Amazon sees buyer intent turning into purchases. More closely associating that keyword (from your optimized URL) to a purchase of your product. This is where a launch service (such as Last Launch) reinforces to the algorithm this clear link and creates an additional benefit (beyond ranking) in the form of a higher Relevancy %.
As with the other factors it’s important to be careful with the inverse. If you’re driving traffic with an optimized URL (ex: Storefront URL) and it’s not translating to a sale you may very well be inadvertently hurting your Relevancy %.
When it comes to PPC 3 crucial factors are in the forefront – Relevancy %, Click-thru Rate (CTR) and historical ad performance. These variables directly impact your CPC suggested bid (what you pay) and your future ad performance. In this way there’s a synergistic relationship with these 3 variables.
Let’s look at an example.
If your product is a garlic press and you’re going after your top keyword, garlic press, you want to achieve 100% relevancy. Let’s say your ad performance begins to falter due to poor PPC management and increased competition. Subsequently, your Relevancy % begins to fade as Amazon sees you not ‘performing’ as well for garlic press as a keyword.
With all the options we have available to us there may be a few we focus on more than others.
We can increase PPC spend with the hopes of positively impacting CTR. We could also revisit and re-optimize our main image. We could make a push to have a higher review count and star rating.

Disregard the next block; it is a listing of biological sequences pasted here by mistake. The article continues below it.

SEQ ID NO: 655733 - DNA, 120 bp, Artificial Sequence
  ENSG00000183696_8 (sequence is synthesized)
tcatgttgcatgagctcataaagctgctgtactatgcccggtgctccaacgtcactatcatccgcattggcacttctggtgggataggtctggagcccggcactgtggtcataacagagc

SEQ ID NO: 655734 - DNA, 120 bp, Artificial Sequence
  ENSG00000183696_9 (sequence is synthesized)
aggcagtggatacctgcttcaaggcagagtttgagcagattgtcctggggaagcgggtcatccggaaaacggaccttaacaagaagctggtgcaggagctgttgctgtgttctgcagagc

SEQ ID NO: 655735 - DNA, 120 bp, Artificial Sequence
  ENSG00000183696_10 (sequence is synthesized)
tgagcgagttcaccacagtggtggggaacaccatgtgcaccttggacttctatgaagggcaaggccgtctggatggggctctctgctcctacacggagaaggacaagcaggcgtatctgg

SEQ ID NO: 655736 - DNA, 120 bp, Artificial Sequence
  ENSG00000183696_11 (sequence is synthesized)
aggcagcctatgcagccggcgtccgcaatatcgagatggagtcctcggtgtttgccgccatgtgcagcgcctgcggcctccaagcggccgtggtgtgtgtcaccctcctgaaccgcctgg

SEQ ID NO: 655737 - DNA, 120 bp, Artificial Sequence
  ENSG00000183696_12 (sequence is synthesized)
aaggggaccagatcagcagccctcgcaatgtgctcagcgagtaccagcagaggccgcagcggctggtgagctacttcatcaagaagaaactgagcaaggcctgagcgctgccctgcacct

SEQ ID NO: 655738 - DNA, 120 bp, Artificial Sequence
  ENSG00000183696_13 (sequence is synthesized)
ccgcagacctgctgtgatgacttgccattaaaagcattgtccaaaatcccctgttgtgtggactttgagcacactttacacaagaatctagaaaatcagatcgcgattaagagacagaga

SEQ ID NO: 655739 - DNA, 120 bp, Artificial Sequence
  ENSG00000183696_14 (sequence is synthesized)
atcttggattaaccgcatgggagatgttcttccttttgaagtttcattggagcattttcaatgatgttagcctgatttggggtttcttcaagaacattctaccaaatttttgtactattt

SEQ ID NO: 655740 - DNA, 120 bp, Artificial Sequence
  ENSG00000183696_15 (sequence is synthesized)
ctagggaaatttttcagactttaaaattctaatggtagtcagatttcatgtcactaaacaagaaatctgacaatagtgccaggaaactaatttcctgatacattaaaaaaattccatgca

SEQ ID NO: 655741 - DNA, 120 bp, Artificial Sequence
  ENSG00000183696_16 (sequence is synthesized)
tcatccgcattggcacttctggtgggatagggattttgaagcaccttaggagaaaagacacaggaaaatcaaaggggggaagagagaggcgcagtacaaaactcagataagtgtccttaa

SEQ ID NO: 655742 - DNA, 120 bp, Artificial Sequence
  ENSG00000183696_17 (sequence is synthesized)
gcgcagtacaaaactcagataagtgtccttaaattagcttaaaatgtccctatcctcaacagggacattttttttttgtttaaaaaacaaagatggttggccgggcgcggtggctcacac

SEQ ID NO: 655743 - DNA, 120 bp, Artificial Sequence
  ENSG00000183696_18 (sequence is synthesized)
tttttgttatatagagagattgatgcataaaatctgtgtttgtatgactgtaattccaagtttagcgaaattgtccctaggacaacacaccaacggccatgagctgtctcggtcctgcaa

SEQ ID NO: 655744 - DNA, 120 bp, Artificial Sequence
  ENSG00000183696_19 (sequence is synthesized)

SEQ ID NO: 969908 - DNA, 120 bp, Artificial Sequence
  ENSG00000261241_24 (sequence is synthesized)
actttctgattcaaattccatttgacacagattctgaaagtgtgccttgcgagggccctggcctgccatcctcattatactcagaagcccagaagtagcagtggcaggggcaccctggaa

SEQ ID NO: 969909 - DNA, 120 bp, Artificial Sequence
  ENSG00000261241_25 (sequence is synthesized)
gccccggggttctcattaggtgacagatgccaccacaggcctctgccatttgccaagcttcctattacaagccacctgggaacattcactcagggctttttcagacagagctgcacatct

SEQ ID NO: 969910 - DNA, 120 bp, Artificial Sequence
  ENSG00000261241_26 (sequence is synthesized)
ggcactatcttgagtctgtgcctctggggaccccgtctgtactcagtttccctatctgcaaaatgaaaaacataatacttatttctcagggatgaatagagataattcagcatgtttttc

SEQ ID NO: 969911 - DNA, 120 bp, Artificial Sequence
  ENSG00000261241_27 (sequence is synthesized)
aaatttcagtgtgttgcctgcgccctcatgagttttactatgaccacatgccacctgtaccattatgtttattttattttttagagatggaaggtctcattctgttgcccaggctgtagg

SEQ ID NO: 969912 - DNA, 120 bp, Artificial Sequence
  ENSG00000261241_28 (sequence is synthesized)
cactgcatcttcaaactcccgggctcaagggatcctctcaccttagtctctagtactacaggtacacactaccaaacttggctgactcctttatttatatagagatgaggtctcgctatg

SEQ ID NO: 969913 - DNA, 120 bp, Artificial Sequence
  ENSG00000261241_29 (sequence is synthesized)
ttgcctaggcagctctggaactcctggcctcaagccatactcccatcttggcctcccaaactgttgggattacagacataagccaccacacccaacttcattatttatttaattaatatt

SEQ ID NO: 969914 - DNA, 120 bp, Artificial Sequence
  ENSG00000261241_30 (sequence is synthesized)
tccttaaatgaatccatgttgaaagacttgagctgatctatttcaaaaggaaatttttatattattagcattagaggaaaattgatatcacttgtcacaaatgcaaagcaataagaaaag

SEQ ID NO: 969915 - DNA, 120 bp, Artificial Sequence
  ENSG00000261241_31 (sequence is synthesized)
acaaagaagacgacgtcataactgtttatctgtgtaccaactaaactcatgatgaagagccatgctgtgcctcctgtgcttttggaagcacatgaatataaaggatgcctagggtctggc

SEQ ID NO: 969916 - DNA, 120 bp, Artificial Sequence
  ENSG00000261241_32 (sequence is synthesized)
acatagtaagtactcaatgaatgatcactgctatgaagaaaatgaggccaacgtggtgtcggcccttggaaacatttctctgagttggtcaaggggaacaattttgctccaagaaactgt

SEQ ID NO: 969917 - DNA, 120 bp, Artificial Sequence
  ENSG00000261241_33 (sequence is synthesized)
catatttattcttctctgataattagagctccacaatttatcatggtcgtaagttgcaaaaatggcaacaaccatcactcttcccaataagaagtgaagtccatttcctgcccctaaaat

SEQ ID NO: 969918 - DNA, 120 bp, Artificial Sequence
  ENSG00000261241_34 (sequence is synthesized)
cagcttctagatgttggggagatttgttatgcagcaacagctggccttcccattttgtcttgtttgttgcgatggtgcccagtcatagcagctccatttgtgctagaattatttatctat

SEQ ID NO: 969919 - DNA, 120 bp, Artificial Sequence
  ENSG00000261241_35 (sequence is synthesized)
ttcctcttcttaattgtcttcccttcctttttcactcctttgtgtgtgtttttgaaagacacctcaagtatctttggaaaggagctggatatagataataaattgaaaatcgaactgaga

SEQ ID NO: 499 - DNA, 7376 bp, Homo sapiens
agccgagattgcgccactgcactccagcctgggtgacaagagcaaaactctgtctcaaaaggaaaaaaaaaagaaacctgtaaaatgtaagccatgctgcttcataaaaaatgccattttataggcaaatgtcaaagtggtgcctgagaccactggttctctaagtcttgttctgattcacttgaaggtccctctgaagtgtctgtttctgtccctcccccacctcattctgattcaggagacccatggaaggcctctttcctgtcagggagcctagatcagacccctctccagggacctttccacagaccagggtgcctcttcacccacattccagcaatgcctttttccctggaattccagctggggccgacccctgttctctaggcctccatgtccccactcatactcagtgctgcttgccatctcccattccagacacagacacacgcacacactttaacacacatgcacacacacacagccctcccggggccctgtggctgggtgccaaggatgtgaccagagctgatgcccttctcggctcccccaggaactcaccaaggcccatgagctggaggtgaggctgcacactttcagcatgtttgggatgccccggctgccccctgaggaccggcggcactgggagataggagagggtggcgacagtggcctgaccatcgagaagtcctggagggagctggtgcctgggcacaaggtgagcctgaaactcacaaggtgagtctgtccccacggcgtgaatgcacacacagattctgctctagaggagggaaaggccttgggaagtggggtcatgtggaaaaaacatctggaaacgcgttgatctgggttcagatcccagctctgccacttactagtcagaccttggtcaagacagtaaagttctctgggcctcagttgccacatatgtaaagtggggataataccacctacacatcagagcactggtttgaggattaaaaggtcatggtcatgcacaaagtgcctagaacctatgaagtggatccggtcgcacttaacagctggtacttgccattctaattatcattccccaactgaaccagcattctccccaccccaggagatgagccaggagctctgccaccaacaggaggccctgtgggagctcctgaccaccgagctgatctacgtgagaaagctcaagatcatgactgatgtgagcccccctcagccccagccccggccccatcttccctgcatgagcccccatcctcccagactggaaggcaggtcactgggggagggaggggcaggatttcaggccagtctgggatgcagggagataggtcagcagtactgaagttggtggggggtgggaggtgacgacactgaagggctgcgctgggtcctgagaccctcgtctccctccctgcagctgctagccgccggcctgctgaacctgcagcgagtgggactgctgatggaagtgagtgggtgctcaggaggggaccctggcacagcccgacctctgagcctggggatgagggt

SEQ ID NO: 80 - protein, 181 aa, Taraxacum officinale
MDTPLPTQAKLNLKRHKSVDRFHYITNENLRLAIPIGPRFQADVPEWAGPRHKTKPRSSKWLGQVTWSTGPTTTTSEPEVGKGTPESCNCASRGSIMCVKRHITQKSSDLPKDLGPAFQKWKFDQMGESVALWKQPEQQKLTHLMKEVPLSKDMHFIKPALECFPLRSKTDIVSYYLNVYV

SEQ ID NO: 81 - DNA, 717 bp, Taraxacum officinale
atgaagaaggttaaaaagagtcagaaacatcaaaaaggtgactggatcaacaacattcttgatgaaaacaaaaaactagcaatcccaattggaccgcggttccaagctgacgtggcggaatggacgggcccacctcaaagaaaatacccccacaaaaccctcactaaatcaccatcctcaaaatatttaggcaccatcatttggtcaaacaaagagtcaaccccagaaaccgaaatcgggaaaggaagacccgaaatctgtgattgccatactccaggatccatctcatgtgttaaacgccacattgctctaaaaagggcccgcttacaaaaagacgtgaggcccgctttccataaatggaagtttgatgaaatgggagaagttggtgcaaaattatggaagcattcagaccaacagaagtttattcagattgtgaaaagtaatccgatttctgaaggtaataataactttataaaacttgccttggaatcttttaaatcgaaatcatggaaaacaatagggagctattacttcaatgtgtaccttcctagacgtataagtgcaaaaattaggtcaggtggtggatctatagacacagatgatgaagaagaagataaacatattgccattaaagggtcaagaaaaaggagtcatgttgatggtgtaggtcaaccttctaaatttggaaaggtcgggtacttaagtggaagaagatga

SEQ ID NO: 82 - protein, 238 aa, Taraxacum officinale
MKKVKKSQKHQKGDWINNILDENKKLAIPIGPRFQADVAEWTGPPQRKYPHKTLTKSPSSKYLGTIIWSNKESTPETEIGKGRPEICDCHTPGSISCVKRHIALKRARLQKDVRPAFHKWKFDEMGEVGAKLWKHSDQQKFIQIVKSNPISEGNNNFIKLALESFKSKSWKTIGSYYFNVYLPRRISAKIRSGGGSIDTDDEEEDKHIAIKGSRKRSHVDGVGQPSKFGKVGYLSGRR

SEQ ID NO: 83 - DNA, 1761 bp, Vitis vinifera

From there we would aim (at least in the short term) to also positively impact ad performance.
Finally, we could also look at the other 3 factors outlined above to see if we can alter our listing or drive more optimized sales with the aim of impacting our Relevancy %.
And so on.
Understanding the priority metrics in this case is key. As you can begin to see how both fluid and synergistic they can be with ongoing changes. There’s also been a clear correlation between a higher Relevancy % and a decreased ad spend.
We’ve also identified, with the latest index changes, that Relevancy % bottoms out if a keyword is not indexed.
This absolutely emphasizes first having visibility into all the necessary variables. A case where Seller.Tools really shines for providing both visibility AND manual checks to closely monitor Relevancy %. Without it you’re left without a target and true barometer of success for your keywords and, subsequently, your listing performance (and potential).
In summation, this will empower you with the priorities to positively address your Relevancy %. It’s crucial to keep each major factor in your toolkit and continue to test while also directly addressing areas you may be underperforming.
What’s a good Relevancy % you might ask?
We’ve found that at or around approximately 90% we see product launches (via Last Launch) really cutting through and ‘sticking’. With the fluidity of PPC it’s far more difficult to effectively triangulate a recommended threshold. But by deploying what’s outlined here you’ll be able to get your Relevancy % dialed in, in no time.